Glossary Term – Event
Louisiana seceded from the Union, the sixth state to do so.
In Plessy v. Ferguson, the Supreme Court ruled a Louisiana law segregating train cars was constitutional based on the doctrine of “separate but equal.”
La Salle explored the Mississippi River, reaching the Gulf of Mexico in April 1682. He claimed the entire Mississippi Valley for France and named it “Louisiana” after King Louis XIV.
In the case of Taylor v. Louisiana, the Supreme Court ruled that women could not be systematically excluded from jury duty.
In Kirchberg v. Feenstra, the Supreme Court overturned a Louisiana law granting a husband unilateral control over property owned jointly with his wife.
In April 1828, Lincoln took a flatboat of farm produce to New Orleans, Louisiana, where he was reported to have observed a slave auction.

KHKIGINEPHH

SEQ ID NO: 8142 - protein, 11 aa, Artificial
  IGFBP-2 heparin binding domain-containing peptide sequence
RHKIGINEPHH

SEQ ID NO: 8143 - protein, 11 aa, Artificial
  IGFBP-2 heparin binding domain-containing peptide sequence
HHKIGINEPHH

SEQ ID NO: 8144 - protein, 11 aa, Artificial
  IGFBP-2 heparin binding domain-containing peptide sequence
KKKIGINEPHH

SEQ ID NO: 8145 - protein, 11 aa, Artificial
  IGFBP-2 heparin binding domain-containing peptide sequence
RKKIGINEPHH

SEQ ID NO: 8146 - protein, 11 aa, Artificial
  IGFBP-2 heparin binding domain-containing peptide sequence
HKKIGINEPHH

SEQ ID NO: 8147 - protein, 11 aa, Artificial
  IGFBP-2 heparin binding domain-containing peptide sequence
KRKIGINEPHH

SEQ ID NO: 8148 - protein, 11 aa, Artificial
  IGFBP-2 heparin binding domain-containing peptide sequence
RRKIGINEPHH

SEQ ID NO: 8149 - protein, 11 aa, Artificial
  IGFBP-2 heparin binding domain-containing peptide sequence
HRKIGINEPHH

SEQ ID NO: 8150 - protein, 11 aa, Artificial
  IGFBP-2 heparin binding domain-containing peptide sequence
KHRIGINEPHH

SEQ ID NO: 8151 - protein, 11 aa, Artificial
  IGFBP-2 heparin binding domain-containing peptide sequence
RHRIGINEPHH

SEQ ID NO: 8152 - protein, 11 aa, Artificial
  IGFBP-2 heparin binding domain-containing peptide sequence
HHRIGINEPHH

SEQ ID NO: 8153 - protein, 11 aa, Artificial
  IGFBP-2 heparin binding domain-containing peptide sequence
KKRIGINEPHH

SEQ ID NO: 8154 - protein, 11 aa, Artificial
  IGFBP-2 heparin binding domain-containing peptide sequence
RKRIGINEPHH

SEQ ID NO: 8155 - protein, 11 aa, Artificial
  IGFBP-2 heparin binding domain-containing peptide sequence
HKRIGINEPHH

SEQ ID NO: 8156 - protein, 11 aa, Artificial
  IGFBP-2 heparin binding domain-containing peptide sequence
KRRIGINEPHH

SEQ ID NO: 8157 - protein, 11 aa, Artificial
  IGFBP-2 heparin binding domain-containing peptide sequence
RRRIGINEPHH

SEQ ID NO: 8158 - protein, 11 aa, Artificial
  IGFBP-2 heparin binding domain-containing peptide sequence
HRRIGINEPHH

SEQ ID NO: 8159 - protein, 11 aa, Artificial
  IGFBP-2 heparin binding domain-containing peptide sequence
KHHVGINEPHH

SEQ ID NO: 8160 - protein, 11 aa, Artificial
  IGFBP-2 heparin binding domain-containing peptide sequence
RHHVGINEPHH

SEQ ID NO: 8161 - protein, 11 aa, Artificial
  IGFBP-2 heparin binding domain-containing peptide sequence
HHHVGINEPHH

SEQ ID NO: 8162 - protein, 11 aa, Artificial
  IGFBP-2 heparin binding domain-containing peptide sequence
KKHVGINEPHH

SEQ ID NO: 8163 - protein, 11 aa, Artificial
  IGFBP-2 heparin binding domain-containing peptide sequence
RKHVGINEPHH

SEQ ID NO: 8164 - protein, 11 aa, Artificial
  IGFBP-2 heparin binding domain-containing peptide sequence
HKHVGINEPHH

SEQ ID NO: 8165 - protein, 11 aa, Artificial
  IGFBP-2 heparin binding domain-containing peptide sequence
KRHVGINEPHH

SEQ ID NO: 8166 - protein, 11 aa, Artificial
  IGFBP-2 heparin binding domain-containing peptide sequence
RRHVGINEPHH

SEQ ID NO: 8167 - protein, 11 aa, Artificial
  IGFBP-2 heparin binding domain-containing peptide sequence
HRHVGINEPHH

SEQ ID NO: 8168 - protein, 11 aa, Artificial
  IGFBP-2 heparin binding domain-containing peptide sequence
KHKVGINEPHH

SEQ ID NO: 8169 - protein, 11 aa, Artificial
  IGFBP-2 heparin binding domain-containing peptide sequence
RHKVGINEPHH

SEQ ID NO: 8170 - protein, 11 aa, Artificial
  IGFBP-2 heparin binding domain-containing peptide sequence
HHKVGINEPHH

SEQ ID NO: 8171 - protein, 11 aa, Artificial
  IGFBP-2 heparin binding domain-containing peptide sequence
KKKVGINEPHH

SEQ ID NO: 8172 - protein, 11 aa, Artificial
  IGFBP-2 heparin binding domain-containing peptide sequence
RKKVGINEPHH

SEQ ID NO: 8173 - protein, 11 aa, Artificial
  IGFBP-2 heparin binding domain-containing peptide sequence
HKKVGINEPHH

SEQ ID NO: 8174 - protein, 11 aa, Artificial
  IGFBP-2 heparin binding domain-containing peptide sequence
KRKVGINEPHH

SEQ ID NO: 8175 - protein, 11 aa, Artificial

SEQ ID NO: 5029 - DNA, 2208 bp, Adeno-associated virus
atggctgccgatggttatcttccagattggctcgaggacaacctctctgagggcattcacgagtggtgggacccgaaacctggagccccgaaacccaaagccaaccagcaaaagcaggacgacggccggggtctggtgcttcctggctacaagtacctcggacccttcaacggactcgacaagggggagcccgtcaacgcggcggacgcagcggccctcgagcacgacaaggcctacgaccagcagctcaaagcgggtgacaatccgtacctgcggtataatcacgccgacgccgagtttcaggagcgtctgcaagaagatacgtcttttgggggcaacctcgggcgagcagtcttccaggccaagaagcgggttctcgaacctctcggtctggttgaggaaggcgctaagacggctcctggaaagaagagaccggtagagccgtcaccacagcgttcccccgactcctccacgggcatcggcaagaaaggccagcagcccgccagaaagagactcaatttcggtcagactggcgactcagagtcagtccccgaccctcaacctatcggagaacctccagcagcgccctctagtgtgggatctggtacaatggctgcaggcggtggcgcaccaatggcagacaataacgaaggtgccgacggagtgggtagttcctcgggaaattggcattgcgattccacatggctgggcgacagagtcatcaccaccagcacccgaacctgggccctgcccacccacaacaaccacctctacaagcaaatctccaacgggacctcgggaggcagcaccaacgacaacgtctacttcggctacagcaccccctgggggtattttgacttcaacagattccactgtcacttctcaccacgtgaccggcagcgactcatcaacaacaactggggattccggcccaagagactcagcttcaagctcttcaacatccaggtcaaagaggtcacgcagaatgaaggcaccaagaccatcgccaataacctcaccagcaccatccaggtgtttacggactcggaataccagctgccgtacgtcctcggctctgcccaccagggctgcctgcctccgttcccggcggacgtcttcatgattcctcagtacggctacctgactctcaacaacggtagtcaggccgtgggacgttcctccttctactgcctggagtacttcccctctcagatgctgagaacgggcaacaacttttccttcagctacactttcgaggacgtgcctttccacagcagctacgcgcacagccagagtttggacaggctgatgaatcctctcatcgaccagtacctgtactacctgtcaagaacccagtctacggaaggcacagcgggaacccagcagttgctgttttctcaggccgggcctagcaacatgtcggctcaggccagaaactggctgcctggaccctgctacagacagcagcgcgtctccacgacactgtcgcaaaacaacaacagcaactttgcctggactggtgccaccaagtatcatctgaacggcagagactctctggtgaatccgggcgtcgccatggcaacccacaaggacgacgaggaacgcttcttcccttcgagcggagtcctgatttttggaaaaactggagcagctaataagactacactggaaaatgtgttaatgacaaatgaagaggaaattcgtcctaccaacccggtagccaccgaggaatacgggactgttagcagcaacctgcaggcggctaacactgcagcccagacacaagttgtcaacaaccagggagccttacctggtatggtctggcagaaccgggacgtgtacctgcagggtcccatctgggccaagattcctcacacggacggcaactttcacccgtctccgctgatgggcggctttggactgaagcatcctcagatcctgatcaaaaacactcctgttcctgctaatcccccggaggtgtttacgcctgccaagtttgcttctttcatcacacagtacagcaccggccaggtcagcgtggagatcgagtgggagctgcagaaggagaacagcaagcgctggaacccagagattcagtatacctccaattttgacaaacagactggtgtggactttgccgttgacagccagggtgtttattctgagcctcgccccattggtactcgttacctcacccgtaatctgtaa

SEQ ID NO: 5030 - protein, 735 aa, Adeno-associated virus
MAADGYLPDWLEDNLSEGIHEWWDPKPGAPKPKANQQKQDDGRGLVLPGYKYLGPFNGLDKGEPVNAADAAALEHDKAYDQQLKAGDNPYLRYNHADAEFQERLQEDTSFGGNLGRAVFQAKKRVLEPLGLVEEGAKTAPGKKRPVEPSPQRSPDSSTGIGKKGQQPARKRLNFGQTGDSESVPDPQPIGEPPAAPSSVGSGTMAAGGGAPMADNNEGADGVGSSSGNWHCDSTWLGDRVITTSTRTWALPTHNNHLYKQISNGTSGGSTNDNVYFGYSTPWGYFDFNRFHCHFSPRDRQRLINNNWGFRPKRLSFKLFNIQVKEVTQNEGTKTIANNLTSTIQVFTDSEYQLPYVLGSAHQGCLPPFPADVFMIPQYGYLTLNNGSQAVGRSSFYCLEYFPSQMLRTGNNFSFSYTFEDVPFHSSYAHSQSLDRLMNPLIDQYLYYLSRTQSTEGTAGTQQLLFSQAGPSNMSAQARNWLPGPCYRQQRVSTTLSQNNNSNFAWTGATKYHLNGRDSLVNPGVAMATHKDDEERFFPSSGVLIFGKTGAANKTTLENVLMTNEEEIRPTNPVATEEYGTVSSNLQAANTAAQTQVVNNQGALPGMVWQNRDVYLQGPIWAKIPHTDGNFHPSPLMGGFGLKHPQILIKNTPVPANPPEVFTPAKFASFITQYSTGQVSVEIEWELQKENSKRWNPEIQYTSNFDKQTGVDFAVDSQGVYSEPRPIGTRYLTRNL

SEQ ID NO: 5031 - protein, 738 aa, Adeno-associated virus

The Freedom Riders were young black and white activists who in 1961 compelled the federal government to enforce a Supreme Court ruling against segregation in interstate travel and interstate travel facilities. On May 4, 1961, the first Freedom Riders set out in two buses from Washington, DC, toward New Orleans. The riders were attacked and beaten by white mobs throughout the South, and they were jailed multiple times. The violence prompted US Attorney General Robert F. Kennedy to call in US marshals, and in late May Kennedy finally ordered...
Rene Robert Cavelier, Sieur de La Salle (1643–1687) claimed the Mississippi Valley for France in 1682, having led an expedition down the Mississippi River to the Gulf of Mexico. La Salle was murdered five years later, during another expedition, in a mutiny by his own men.